Why should he cry?  Why should he be moved?  All I did was read to him out of the Word of God.  All I did was to kneel by his side and ask God to save him.  Why should he cry?  The Spirit of the Lord speaks to a man’s soul and a man’s life, and unless you callous yourself, and unless you stop your ears, and unless you harden your heart, God will speak to you.  He will break your heart.  Oh, what the Lord says!  What God affirms when we bear testimony to His saving grace.  God speaks to us in the Spirit filled man who delivers us God’s message. 

Sixth: God speaks to us in the providences of life.  What happens to you happens in the purposive, elective, sovereign will of God.  There is man here this morning.  He’s a pastor and he knows heavy-hearted trial and burden.  And he and his brother came to see me last week, and the pastor said to me, “I have seen the title of your sermon Sunday morning, Is There Any Word from the Lord?  I’m going to be there Sunday morning.  I’ll be listening to you preach, and oh, preacher, say something for my soul.  Preach to me.  If there’s a word from God, what is it?  What is it?  What does God say to me?”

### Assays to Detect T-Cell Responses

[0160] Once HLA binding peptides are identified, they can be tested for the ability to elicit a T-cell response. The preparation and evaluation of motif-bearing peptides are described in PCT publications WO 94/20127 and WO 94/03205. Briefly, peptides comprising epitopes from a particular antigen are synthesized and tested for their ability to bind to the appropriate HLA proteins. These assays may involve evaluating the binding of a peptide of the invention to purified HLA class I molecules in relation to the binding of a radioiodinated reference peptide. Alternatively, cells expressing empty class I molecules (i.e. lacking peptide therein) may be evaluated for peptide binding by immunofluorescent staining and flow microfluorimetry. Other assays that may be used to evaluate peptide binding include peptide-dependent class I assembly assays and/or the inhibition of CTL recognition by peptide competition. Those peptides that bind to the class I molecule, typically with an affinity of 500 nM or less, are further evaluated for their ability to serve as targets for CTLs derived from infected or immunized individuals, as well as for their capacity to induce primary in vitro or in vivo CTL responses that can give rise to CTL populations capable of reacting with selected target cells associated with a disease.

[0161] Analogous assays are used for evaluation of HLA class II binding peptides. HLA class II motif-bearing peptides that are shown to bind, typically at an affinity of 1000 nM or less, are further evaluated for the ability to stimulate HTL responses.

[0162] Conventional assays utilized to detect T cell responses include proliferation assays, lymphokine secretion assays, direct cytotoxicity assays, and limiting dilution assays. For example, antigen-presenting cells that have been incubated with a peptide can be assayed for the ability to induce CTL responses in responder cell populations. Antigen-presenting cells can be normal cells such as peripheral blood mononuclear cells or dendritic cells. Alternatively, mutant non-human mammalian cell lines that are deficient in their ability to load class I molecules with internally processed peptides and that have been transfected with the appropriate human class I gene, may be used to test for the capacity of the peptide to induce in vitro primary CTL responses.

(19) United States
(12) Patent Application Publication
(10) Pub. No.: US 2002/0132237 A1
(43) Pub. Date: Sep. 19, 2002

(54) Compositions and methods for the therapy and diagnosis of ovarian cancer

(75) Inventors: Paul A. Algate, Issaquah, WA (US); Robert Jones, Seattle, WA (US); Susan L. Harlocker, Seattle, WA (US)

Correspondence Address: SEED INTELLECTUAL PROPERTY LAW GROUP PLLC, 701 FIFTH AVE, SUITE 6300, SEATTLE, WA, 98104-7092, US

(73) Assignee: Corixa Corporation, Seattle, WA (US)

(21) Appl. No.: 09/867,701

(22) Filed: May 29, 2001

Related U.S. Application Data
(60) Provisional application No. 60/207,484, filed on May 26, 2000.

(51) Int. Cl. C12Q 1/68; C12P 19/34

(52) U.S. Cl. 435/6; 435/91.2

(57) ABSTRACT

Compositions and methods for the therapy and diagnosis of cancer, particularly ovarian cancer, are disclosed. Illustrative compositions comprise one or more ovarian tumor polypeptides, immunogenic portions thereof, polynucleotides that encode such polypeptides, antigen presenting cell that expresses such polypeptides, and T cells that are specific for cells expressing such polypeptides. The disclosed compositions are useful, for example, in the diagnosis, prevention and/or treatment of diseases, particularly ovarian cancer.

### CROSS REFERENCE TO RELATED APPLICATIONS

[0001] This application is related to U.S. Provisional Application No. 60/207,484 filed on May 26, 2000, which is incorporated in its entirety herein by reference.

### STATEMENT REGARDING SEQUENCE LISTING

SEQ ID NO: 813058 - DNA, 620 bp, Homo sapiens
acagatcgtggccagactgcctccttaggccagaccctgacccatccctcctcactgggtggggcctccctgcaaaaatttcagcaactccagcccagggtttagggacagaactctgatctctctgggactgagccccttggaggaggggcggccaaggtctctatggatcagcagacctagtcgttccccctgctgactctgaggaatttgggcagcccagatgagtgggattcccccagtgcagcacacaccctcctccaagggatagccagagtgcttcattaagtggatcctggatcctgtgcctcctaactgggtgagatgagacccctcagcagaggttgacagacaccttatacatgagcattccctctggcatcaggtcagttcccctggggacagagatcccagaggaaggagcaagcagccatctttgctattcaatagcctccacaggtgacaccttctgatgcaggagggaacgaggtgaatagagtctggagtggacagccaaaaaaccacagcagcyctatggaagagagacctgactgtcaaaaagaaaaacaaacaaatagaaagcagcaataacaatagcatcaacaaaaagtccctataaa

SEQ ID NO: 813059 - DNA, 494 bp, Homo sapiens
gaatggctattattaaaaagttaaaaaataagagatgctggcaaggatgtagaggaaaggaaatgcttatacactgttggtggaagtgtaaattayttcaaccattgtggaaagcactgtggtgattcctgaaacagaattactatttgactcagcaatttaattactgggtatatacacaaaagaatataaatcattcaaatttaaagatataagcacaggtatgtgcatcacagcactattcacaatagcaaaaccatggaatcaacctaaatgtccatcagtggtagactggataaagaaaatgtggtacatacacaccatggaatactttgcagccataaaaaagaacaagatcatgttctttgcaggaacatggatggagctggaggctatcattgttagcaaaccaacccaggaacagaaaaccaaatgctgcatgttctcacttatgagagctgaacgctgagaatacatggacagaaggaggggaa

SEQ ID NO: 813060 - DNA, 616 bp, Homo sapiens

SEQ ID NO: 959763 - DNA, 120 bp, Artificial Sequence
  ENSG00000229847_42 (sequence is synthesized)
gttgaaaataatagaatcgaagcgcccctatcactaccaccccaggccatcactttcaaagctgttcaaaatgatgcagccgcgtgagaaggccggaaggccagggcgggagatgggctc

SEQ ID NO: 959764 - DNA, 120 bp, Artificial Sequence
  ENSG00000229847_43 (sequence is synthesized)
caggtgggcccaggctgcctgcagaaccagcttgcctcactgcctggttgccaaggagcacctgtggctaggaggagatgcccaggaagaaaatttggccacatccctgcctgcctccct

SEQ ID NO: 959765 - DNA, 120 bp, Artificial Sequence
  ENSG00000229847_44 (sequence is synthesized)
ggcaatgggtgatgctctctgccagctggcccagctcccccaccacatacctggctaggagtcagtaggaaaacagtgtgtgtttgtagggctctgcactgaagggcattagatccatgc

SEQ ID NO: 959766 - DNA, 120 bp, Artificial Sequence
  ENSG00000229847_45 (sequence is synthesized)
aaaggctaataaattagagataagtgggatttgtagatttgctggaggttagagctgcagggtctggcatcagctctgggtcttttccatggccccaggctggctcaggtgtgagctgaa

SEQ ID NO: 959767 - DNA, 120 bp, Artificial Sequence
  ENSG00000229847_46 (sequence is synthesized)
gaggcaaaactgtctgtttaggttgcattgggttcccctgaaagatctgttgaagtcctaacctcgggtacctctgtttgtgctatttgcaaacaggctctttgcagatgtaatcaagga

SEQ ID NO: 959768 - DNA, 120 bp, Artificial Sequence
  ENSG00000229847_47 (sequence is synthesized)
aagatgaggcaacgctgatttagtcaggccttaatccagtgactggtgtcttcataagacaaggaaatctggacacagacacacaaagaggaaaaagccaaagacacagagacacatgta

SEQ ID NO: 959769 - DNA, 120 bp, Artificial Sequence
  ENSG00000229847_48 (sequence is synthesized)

God says that He speaks to us for good in the providences of life.  You, what happens to you is in the purposive grace and goodness of God.   The providences of life bring to us God’s voice.  A baby born into the home; God speaks in the birth of a child.  There’s not a man that lives who, when he holds in his hands his newborn child, there’s not a man that lives but looking into the face of that little innocent babe doesn’t have a tug in his soul.  “By God’s grace, I must be a better man.  I must walk before this child in the uprightness of the Lord.”  God speaks in the providences of life, in the birth of a child. 

God speaks in the providences of life in the day of death and dissolution and indescribable sorrow and separation.  I one time heard of a man enmeshed in the world, busy making a fortune; go to church nominally, but his heart out there in the world creating a fortune.  And in those days of his tremendous success, his little boy died.